We’ve also had a couple months of swim lessons now, and both the boys looove it. They started out in the same class, but at the end of the first session Niah “graduated” to level two … and Jude did not. (Which was a good call. He is not ready for level two.)

So Jude did level one again while Niah moved over to level two. They love it still.

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Four Months Home

2 January 2019

Four years old and four months home.

Sometimes I still can’t believe we’re already here. Sometimes I watch him sleep and I’m astounded. Did we really do that? Are we really one of those families? But I guess new identities take time to settle in.



Not only are we one of those families, we have been for four months now. A friend recently posted one of those cute pics of her new baby with the monthly marker for how old the baby is. And I remembered doing chalkboards for my meatball. And I was bummed for my chubby dumpling at first, but then I thought, “Naw.”



‘Cause I think his development and progress in healing and learning a new language and adapting to life on the other side of the world is just as impressive than a newborn growing into his environment.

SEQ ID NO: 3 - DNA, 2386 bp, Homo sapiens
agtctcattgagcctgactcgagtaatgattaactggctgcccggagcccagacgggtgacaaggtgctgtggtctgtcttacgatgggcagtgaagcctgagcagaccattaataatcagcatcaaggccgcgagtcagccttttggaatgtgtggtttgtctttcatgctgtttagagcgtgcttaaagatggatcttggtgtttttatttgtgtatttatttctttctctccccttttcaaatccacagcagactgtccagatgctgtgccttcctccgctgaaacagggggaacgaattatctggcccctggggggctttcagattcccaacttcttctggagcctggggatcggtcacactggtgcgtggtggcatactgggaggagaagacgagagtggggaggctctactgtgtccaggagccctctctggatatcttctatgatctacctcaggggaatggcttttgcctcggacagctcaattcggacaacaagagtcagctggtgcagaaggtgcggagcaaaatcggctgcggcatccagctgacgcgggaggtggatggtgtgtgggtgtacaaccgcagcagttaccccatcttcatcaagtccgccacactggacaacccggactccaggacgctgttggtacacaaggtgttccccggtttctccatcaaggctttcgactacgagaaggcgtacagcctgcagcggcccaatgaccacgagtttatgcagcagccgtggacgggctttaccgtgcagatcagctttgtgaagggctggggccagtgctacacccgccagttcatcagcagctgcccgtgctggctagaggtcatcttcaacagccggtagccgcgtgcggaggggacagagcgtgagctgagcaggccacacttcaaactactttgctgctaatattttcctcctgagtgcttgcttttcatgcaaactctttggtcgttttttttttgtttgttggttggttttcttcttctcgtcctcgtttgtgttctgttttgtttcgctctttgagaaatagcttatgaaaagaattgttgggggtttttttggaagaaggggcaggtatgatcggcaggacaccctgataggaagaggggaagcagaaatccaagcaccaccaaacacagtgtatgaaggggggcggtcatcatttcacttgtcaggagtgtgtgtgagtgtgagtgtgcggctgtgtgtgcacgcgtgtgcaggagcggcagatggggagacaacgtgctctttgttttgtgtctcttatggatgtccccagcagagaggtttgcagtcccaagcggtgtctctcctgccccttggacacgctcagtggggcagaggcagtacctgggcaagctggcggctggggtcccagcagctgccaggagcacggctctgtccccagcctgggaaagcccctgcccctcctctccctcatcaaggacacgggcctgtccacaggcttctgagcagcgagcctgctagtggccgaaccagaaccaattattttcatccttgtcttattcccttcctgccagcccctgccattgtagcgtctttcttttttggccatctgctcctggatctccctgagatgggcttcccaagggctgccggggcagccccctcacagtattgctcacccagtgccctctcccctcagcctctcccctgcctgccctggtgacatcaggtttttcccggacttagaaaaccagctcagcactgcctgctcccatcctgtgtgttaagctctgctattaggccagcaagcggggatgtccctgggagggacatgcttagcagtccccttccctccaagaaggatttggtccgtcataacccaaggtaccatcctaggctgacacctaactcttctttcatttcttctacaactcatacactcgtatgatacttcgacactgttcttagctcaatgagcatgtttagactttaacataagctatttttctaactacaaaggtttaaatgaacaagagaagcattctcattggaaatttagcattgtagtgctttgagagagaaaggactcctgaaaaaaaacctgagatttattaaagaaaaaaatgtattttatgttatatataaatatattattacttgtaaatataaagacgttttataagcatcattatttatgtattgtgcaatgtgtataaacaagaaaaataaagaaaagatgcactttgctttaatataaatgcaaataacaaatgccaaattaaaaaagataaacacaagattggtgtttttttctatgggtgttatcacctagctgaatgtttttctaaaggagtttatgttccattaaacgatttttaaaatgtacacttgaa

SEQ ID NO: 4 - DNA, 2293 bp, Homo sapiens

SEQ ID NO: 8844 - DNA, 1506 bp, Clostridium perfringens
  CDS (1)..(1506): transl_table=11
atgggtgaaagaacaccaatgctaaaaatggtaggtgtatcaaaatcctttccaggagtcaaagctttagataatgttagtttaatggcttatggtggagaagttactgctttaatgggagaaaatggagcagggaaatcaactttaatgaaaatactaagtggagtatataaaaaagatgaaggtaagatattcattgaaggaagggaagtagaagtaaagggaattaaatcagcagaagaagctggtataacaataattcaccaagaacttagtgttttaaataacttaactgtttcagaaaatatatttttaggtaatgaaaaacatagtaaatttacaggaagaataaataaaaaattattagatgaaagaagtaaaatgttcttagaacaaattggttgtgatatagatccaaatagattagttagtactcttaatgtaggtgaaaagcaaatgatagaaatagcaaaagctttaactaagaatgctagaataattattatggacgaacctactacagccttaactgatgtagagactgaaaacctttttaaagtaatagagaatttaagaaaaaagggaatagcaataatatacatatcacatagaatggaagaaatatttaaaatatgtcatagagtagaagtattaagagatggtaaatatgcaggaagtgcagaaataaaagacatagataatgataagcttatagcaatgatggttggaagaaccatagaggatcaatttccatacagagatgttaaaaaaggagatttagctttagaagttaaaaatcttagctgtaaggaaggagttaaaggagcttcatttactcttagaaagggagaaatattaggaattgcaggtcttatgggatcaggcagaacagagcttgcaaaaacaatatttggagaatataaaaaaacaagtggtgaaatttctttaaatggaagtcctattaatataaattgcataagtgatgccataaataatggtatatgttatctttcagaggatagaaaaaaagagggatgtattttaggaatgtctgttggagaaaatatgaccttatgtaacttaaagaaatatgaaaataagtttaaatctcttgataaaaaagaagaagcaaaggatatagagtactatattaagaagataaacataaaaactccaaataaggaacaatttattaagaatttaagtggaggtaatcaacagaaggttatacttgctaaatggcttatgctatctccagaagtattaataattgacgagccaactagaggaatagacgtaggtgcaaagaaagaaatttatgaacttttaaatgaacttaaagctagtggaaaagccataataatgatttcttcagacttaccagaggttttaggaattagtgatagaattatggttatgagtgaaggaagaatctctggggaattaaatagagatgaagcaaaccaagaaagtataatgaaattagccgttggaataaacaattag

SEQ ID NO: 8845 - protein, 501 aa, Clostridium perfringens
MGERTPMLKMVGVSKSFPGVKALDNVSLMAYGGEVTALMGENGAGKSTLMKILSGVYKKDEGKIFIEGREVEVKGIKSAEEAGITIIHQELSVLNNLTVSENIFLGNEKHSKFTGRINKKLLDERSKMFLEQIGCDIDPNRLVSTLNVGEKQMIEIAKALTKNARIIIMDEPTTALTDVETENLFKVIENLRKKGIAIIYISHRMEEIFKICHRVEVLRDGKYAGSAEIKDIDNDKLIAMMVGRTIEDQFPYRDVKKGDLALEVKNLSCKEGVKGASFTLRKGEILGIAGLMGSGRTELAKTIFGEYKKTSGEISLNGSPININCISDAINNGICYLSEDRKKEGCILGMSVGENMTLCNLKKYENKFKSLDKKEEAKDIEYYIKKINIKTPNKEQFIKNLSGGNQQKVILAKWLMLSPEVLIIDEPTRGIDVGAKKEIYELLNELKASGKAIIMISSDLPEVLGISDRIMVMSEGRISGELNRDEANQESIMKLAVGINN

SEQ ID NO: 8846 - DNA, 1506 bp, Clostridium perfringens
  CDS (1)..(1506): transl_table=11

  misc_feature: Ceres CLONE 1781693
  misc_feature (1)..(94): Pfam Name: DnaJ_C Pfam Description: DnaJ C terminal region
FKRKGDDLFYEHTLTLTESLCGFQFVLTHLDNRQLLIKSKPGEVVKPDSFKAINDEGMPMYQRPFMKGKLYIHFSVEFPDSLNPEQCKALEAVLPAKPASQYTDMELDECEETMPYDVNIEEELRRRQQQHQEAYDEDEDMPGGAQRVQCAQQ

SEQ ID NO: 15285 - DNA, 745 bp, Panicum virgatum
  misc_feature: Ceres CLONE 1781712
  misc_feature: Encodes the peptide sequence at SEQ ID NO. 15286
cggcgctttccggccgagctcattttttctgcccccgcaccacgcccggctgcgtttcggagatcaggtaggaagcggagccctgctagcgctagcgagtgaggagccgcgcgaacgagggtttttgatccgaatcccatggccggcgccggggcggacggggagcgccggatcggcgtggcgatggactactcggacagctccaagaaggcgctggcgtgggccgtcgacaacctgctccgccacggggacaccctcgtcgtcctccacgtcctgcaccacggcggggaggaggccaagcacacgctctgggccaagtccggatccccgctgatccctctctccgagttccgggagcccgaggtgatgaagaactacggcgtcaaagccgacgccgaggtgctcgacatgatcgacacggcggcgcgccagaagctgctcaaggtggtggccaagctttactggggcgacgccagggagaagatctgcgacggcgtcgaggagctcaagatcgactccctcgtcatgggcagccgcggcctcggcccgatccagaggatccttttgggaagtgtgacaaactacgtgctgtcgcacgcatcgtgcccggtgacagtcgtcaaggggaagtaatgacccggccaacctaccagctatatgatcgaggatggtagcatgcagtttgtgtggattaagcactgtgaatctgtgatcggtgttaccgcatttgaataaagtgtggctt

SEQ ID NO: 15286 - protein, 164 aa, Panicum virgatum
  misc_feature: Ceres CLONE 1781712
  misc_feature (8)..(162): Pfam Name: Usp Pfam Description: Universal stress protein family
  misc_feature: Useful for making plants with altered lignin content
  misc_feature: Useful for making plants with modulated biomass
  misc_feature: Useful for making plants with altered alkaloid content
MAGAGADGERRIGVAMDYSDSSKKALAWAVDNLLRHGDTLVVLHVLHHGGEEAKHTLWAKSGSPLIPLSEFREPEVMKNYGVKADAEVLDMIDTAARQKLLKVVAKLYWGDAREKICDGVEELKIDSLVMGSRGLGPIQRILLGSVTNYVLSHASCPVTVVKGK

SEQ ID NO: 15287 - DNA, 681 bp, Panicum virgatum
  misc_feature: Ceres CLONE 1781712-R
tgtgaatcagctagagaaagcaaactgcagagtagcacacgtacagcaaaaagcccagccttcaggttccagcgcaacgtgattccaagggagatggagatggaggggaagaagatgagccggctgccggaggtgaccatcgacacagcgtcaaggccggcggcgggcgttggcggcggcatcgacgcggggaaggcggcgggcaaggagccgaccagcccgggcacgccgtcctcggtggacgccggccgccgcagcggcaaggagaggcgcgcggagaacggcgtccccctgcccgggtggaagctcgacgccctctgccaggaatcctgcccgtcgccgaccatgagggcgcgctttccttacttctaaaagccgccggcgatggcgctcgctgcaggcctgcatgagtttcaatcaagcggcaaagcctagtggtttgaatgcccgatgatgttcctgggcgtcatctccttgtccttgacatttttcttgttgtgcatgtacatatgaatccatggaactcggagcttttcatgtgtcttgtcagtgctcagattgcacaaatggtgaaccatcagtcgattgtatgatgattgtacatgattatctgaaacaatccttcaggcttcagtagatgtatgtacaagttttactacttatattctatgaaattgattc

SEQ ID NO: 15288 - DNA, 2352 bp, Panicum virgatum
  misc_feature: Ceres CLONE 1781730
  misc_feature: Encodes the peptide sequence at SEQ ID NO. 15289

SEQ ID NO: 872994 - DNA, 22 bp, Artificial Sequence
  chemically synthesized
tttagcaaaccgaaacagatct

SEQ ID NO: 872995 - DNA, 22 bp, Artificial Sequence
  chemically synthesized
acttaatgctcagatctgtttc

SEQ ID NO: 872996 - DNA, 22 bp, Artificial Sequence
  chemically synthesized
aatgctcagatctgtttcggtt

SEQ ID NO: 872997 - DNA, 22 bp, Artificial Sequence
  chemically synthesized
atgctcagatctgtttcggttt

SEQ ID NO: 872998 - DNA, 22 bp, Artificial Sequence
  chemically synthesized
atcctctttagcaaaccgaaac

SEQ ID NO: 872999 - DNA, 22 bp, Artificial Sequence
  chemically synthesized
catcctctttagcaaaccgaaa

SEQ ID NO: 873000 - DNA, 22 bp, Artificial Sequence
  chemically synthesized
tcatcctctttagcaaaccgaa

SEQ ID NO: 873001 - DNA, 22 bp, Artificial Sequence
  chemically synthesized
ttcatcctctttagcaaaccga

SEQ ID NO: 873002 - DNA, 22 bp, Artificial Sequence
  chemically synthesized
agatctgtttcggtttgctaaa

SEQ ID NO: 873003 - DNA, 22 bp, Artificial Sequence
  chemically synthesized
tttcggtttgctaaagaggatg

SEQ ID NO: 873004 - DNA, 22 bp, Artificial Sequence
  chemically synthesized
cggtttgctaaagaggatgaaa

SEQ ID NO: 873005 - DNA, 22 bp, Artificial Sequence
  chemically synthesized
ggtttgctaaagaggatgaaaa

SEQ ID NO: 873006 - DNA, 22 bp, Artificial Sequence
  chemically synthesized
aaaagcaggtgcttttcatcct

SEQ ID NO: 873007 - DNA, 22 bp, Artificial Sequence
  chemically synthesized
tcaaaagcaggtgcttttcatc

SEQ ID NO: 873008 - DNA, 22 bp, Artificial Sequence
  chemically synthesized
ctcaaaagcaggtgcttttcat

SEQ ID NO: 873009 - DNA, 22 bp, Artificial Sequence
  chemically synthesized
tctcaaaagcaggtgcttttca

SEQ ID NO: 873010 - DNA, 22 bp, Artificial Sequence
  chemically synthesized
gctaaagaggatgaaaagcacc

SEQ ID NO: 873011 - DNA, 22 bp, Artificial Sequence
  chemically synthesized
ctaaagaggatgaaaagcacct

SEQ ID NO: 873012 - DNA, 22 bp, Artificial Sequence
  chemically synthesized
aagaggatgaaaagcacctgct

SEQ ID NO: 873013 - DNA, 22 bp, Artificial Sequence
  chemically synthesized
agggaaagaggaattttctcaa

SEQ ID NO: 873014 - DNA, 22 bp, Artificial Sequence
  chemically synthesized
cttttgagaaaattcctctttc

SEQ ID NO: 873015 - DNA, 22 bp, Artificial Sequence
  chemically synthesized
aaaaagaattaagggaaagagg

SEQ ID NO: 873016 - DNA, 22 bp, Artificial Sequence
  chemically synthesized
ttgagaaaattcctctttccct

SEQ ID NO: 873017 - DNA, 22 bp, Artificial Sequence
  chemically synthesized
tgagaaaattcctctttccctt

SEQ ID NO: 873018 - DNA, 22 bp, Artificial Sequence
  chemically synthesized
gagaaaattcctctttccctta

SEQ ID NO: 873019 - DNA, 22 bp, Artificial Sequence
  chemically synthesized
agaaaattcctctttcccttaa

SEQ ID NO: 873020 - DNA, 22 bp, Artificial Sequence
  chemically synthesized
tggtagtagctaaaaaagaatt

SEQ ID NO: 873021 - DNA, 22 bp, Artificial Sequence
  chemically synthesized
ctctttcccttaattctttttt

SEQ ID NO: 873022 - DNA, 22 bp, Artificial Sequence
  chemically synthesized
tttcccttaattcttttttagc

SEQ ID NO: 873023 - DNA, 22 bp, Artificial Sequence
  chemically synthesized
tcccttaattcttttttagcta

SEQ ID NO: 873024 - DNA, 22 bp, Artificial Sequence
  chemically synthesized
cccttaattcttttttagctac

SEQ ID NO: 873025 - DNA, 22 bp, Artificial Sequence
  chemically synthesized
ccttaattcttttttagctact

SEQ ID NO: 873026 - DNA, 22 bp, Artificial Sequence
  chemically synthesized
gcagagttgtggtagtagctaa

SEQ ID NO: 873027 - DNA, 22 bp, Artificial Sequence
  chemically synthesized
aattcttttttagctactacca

Husband and I look back at pictures and videos from China, and we cannot believe that we didn’t once notice or remark about how tiny and skinny he was. I mean, all of China is kind of a blur and most Chinese toddlers are smaller and Husband was very sick for at least a week and we were probably as close to “survival mode” as we ever have been. But still …







Look at that belly profile. I love it.

We have fattened him up and I’m super proud of that. Especially because we don’t eat much fast food or sweets, so he is 98% healthy chubby. He was wearing 2T clothes when we got home, and he is now growing into 4T. That’s serious catch-up.  Read more…

The Adoption Trip Video

19 November 2018




There is SO MUCH that I couldn’t squeeze into five minutes. I may have to throw together an outtake reel or something, but this is a snapshot of our 2.5 weeks in China this year!